AARP Pennsylvania released key findings from a 2022 election survey that shows candidates for Governor and U.S. Senate should pay close attention to Pennsylvanians over 50 heading into the summer campaign season, with issues like inflation, jobs and the economy, and Social Security on 50+ voters’ minds.
Pennsylvanians 50+ will be key in determining who wins in November. This bloc of voters regularly comprises an outsized portion of the electorate; in the 2018 mid-term elections, they made up nearly 61% of all Pennsylvania voters.
Attorney General Josh Shapiro (D) narrowly leads State Senator Doug Mastriano (R), 49% to 46%. The race is even closer among voters 50 and older, with Shapiro leading 48% to 47%. John Fetterman (D), the lieutenant governor, leads Mehmet Oz (R), 50% to 44% in the open race for U.S. Senate.
“Pennsylvania voters over 50 are a critical voting demographic that all candidates are competing for in this midterm election,” said Bill Johnston Walsh, AARP Pennsylvania State Director. “With the price of necessities like groceries, gas and prescription drugs skyrocketing, Pennsylvanians want their leaders to provide solutions to inflation and the rising cost of living. The message is
clear, if candidates want to win, they better pay attention to the issues that matter to Pennsylvanians 50-plus.” The survey also found:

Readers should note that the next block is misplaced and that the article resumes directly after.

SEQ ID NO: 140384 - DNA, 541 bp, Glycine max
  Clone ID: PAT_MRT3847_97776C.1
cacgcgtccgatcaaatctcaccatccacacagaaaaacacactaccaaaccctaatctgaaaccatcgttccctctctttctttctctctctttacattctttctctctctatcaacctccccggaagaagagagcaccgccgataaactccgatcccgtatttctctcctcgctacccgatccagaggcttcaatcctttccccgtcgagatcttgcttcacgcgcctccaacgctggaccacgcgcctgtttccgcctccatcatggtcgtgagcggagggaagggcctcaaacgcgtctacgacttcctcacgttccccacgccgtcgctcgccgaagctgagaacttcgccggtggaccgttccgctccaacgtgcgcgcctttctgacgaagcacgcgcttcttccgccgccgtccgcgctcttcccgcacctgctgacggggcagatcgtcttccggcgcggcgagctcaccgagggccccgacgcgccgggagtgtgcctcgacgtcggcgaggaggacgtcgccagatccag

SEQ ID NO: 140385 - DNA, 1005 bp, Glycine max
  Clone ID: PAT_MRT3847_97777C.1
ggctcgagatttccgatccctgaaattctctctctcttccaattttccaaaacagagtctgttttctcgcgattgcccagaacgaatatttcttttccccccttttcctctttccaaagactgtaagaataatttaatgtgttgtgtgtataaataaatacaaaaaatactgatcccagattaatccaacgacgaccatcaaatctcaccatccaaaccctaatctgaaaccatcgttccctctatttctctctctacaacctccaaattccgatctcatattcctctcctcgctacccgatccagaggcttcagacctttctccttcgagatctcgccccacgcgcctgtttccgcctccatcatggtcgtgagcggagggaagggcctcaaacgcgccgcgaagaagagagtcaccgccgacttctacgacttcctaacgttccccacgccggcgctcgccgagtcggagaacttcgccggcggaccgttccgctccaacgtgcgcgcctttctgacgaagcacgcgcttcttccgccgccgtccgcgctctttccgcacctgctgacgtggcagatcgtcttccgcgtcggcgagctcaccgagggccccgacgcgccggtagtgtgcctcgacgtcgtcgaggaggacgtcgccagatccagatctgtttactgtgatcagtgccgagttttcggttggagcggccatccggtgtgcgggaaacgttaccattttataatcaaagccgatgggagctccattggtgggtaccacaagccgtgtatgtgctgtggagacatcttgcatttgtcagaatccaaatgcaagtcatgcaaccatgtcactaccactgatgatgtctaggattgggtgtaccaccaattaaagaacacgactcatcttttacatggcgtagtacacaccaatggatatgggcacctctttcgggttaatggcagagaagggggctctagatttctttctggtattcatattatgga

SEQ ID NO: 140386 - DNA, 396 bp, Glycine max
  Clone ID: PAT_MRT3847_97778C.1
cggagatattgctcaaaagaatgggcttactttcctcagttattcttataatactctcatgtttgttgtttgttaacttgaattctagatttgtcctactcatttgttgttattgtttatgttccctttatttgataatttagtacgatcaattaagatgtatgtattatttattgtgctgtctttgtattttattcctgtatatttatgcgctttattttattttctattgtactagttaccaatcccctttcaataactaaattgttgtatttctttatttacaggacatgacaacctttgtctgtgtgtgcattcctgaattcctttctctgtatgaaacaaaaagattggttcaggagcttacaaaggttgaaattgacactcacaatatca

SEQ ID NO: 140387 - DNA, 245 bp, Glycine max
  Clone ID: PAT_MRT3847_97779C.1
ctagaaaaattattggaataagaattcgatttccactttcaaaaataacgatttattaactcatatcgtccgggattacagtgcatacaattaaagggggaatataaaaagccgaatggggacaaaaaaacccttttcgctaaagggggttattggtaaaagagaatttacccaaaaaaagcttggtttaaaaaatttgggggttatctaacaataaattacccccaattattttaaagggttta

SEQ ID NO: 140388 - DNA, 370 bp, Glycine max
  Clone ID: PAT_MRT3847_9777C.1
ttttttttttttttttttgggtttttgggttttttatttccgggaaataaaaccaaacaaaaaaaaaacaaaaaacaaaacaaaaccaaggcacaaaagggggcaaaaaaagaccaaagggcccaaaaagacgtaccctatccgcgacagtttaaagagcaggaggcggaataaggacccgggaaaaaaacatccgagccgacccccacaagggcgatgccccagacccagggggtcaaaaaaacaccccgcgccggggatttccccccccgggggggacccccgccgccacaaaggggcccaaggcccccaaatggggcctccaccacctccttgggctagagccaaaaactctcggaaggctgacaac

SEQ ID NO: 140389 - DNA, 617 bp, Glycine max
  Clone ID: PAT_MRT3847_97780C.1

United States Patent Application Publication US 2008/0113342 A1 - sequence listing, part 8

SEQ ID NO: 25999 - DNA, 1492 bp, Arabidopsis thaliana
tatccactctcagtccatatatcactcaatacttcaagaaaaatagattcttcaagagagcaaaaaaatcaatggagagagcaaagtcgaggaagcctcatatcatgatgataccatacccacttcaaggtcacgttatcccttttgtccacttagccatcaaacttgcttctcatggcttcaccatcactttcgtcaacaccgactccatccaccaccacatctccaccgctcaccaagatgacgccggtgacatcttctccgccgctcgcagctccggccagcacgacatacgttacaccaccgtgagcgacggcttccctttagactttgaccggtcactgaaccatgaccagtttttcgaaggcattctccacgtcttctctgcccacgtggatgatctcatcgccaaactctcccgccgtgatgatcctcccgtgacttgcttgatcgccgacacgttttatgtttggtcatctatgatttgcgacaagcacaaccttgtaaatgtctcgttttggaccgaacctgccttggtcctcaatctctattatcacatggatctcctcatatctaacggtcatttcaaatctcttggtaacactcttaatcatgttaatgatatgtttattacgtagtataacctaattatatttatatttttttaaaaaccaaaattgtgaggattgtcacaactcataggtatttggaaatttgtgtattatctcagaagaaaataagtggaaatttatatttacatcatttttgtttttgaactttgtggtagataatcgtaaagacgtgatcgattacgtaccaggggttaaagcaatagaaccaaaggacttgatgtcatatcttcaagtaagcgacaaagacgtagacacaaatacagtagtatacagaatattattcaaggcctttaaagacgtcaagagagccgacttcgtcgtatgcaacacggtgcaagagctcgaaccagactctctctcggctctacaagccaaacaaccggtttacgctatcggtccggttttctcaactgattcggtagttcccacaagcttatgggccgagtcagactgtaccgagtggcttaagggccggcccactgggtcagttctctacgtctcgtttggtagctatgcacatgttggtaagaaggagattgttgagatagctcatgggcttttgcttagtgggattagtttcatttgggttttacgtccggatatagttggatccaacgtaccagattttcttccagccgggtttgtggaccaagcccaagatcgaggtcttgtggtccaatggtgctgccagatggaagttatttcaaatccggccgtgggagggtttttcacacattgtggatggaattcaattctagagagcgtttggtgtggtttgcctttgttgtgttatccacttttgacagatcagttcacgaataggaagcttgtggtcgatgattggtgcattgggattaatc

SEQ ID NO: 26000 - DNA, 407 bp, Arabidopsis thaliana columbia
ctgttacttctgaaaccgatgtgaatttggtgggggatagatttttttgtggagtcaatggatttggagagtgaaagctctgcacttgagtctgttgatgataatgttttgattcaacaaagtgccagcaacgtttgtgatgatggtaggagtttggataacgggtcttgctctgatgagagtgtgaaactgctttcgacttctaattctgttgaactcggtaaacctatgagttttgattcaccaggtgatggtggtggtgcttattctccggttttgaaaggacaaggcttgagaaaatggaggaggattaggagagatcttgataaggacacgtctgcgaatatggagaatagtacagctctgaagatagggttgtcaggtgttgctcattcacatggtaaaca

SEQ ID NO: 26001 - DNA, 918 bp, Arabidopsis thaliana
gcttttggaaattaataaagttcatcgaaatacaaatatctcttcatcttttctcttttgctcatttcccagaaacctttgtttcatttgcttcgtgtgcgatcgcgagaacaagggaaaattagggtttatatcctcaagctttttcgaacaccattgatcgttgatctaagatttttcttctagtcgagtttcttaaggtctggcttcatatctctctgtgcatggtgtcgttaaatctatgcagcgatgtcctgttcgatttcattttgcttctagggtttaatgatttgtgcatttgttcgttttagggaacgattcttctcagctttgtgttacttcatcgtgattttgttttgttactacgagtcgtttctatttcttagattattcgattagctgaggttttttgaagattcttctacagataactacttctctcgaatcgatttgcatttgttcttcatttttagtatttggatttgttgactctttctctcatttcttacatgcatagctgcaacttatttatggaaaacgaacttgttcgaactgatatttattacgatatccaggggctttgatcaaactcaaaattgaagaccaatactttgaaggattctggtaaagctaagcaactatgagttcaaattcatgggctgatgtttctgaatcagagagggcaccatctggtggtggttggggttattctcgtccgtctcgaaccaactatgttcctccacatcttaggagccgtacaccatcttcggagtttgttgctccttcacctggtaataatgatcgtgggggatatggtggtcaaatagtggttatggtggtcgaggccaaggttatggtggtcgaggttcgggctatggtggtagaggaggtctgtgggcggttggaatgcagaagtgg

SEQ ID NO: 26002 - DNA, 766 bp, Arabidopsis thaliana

- A significant majority think the country (84%) and state (77%) are headed in the wrong direction.
- Just 30% of voters say the economy is working well for them, with inflation and rising costs the biggest issue in both the gubernatorial and U.S. Senate races.
- 87% of voters 50+ say they are extremely motivated to vote in November’s election.
AARP commissioned Fabrizio Ward and Impact Research to conduct this survey. The firms interviewed 1,382 likely Pennsylvania voters, which includes a statewide representative sample of 500 likely voters, with an oversample of up to 550 likely voters age 50 and older, and an oversample of up to 332 African-American/Black likely voters age 50 and older. The survey was conducted between June 12-19 via landline, cellphone, and SMS-to-web. The margin of error for the 500 statewide sample is ±4.4%; for the 855 total sample of voters 50+ it is ±3.3%. View the full survey results.